18 February 2008 17:53 [Source: ICIS news]
By Nigel Davis
The Belgium-based producer is challenged now, however, as it has been in recent years, to convince the financial markets that its blend of industrial and pharmaceutical assets can deliver value.
Solvay is not exposed in vinyls to the
The plastics, base chemicals and pharmaceuticals manufacturer won’t say too much about the outlook for the year until its annual shareholders' meeting in May but states that the operating environment in its main markets remain favourable.
The company has pushed for growth in developing regions while it has worked to build greater resilience in the sometimes difficult European market.
Across its non-pharma portfolio also - businesses which include basic products such as hydrogen peroxide and soda ash alongside speciality polymers and vinyls - it has pushed to retain the top slot worldwide.
It is global number one in soda ash and hydrogen peroxide and global number three in vinyls.
That positioning has paid off. And the company can be expected to deliver this year even though it is threatened by the expected global economic slowdown.
The company is aiming to capture what could well prove to be significant growth via big projects in
Extra vinyls capacity in the region will be use bioethanol as feedstock and is due on stream in 2010.
Past performance can be no guarantee of future profits but the Solvay businesses are well placed to weather whatever storms the global credit crisis eventually throws up.
Solvay is a company that looks to the long term and to the development of its businesses in new and sometimes challenging geographical markets as well as the organisational and technical developments that will ultimately underpin their performance.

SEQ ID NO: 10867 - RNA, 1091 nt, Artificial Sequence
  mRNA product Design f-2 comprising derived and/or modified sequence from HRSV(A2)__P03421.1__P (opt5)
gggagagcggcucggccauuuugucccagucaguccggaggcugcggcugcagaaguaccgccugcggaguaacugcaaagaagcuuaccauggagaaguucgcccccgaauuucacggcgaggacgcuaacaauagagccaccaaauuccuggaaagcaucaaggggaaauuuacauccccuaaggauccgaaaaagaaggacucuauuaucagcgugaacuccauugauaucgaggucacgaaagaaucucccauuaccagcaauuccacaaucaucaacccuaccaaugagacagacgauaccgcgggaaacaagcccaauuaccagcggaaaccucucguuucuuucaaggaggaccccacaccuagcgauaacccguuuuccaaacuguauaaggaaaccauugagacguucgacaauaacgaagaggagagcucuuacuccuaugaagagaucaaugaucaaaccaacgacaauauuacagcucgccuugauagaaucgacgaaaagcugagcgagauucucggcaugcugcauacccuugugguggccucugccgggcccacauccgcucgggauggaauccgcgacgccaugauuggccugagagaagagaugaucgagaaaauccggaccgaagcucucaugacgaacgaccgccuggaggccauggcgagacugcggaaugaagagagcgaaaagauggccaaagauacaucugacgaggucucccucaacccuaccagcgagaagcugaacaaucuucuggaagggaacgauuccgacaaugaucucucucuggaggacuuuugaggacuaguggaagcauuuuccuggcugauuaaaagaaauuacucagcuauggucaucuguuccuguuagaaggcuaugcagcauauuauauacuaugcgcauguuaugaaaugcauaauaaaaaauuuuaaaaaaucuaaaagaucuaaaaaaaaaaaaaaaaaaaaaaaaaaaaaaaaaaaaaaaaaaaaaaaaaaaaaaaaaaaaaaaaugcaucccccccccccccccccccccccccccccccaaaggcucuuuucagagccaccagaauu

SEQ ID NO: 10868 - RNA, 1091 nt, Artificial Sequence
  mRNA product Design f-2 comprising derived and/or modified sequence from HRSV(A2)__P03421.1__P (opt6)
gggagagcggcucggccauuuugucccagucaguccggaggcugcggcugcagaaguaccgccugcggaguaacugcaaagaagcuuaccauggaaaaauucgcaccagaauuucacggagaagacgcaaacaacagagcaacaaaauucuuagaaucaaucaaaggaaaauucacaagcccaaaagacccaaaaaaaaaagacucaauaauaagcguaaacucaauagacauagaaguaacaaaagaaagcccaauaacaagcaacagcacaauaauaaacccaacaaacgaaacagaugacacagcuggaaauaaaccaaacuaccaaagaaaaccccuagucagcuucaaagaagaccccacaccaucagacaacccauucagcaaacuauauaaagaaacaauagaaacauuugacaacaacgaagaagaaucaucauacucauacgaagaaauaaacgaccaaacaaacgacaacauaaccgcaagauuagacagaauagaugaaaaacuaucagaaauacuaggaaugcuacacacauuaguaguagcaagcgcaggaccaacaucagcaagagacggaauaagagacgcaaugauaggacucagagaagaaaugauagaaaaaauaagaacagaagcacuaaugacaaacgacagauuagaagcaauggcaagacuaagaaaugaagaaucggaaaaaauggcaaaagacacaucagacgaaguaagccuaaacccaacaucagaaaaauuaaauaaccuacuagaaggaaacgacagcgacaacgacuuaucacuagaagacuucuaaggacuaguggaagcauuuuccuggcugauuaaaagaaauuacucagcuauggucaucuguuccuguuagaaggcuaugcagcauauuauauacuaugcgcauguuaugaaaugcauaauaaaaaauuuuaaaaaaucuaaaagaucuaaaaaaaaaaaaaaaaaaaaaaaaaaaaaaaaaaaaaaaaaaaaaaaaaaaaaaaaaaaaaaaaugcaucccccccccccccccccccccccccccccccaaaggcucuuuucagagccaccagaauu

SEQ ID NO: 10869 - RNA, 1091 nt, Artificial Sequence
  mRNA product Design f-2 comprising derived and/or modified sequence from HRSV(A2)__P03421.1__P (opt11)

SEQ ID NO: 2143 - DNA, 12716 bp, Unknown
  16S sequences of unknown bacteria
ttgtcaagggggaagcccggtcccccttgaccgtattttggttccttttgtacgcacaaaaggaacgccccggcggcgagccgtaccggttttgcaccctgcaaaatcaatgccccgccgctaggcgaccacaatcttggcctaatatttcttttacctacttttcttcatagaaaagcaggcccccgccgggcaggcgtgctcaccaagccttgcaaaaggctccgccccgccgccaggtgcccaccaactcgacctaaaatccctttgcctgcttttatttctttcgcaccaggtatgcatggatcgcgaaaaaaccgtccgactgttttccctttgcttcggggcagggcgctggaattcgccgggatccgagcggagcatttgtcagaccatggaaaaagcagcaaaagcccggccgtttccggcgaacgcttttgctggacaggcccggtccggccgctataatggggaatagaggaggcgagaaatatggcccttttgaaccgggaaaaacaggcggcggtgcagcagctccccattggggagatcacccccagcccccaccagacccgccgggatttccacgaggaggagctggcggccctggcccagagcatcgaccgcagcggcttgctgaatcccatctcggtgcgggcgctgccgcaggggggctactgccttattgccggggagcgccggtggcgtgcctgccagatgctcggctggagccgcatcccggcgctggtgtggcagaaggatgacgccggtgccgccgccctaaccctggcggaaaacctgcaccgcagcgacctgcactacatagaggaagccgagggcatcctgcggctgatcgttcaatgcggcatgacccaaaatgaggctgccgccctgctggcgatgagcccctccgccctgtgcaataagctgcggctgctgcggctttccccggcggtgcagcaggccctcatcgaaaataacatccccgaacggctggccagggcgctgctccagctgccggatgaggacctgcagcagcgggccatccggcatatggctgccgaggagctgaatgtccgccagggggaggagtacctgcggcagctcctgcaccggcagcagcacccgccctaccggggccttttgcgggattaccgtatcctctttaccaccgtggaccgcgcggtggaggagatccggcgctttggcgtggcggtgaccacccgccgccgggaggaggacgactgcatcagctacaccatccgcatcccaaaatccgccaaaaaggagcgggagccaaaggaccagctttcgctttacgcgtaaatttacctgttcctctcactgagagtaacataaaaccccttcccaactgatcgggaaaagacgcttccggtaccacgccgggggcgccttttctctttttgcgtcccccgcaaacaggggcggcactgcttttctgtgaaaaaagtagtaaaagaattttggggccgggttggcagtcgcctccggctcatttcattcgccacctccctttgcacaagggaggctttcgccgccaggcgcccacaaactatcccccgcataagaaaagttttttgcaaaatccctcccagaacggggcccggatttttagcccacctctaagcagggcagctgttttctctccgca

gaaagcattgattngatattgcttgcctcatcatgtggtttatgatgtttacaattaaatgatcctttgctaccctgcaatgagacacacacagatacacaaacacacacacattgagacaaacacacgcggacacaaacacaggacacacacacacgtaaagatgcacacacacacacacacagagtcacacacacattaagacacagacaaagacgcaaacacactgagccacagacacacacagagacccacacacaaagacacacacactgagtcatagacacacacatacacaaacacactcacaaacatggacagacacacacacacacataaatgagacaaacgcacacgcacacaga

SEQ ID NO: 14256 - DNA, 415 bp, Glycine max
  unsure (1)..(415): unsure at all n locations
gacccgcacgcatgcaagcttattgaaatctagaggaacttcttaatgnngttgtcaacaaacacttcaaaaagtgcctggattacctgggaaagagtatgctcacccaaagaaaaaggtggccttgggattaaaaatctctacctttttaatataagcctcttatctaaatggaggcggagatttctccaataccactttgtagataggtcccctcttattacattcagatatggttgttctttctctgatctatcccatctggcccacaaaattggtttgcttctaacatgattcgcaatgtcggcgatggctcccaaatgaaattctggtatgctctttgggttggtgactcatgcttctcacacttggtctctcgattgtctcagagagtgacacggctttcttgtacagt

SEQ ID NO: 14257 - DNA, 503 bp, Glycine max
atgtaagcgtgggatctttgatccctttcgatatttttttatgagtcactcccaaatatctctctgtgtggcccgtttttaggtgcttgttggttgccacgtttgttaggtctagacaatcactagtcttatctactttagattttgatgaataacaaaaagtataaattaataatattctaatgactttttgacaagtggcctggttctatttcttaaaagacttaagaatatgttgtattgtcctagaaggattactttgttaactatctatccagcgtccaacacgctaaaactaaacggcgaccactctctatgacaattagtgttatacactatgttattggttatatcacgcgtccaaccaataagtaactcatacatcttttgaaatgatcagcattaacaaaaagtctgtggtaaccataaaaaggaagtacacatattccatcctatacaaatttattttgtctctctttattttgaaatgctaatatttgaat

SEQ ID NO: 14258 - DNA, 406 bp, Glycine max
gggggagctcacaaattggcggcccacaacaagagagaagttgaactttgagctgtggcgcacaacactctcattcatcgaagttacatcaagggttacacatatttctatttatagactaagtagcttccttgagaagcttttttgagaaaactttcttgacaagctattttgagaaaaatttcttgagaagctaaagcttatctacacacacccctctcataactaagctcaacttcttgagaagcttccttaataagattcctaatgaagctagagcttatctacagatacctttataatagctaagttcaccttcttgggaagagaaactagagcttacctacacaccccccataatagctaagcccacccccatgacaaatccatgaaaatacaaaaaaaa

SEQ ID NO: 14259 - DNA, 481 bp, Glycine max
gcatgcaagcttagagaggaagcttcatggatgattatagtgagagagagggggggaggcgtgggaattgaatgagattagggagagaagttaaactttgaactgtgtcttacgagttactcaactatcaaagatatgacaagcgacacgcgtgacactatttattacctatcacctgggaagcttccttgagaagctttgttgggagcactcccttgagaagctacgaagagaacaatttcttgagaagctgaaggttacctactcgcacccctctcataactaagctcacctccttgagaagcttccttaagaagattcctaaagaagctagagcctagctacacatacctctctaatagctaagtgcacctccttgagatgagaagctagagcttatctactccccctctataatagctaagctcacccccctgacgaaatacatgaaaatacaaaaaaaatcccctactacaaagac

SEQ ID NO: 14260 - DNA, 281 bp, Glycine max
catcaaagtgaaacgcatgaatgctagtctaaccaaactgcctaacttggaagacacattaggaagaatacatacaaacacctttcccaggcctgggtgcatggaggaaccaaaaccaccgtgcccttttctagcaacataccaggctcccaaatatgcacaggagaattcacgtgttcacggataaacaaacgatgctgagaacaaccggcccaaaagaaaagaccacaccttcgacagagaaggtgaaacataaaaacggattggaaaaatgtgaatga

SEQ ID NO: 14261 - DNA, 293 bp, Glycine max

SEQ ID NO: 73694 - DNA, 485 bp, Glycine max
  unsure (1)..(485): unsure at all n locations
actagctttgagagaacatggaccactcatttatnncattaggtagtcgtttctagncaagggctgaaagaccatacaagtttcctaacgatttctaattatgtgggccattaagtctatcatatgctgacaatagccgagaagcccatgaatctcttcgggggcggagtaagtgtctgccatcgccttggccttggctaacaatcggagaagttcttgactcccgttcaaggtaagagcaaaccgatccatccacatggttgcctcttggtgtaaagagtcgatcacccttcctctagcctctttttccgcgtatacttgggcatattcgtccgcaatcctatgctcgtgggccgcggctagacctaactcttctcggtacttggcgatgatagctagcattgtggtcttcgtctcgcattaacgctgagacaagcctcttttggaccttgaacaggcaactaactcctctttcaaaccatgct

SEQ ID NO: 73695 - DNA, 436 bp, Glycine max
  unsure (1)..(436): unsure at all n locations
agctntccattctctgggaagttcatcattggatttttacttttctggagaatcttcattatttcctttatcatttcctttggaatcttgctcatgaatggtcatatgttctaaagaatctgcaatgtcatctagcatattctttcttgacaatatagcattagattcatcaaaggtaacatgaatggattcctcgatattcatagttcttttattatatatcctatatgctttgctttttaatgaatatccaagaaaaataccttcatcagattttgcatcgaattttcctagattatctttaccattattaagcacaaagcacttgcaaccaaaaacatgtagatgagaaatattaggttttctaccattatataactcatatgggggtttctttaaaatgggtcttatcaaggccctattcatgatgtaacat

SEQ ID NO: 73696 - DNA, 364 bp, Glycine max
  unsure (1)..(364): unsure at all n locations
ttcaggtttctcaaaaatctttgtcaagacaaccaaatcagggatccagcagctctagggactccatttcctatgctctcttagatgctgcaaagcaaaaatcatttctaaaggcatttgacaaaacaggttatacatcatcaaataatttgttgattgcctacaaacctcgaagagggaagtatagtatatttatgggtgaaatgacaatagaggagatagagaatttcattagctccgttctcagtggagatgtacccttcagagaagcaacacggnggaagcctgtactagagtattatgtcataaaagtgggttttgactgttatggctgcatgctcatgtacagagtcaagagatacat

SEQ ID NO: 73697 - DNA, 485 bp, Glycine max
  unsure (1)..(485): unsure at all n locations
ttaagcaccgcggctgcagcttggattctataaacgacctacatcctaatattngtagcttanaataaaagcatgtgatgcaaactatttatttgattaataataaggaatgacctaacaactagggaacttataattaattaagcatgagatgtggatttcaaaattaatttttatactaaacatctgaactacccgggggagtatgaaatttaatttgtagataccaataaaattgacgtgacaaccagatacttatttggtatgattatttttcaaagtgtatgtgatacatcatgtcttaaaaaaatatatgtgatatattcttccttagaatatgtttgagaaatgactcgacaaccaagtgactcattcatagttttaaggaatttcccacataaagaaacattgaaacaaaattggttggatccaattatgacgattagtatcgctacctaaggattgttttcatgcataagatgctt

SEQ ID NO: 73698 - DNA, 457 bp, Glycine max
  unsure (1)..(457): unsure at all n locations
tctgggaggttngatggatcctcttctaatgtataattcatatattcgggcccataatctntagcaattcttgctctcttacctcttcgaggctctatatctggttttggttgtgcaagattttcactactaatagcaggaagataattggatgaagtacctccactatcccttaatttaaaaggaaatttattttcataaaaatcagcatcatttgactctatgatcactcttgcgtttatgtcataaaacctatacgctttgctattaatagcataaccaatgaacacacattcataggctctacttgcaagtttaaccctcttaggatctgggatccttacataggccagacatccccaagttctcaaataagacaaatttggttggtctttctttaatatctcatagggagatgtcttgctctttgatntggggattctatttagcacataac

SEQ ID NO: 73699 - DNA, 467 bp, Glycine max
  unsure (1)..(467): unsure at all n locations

Its full-year results were strong as might be expected given the ongoing relatively favourable operating environment for bulk chemicals in 2007. Even in soda ash, while the market has been softer in the
Chemicals sales growth was flat in the fourth quarter but favourable supply/demand balances helped Solvay lift recurring operating profits – what it calls REBIT or recurring earnings before interest and tax, by 14%.
The company’s peroxide businesses did well in the quarter, as did caustic soda. However, the fluor chemical commodities remained under heavy pressure. It is restructuring the business.
Plastics sales were up 3% in the fourth quarter but profits fell 2%. Specialty polymers through 2007 were hit by the unfavourable US dollar and Japanese yen exchange rates and the seasonal slowdown in vinyls in the fourth quarter was more marked in 2007 compared with 2006, Solvay says.
Solvay’s pharma profits were much higher - up 42% - in the last quarter of 2007, but the comparison was made with a period in 2006 when there was extensive customer destocking.
Pharma sales growth was flat year on year as were profits and the operating margin at 17.6%.
Solvay has plans to push the pharma margin higher but suffered last year when US authorities said one its key schizophrenia drugs, Bifeprunox, could not be approved.
Its shares have underperformed over the past year on the pharma news and the fact that the company is seen largely as a conglomerate.
The shares trade at a multiple below the chemicals sector average. Persuading the markets that it deserves a re-rating will be a difficult in 2008 given the clouded global economic outlook.
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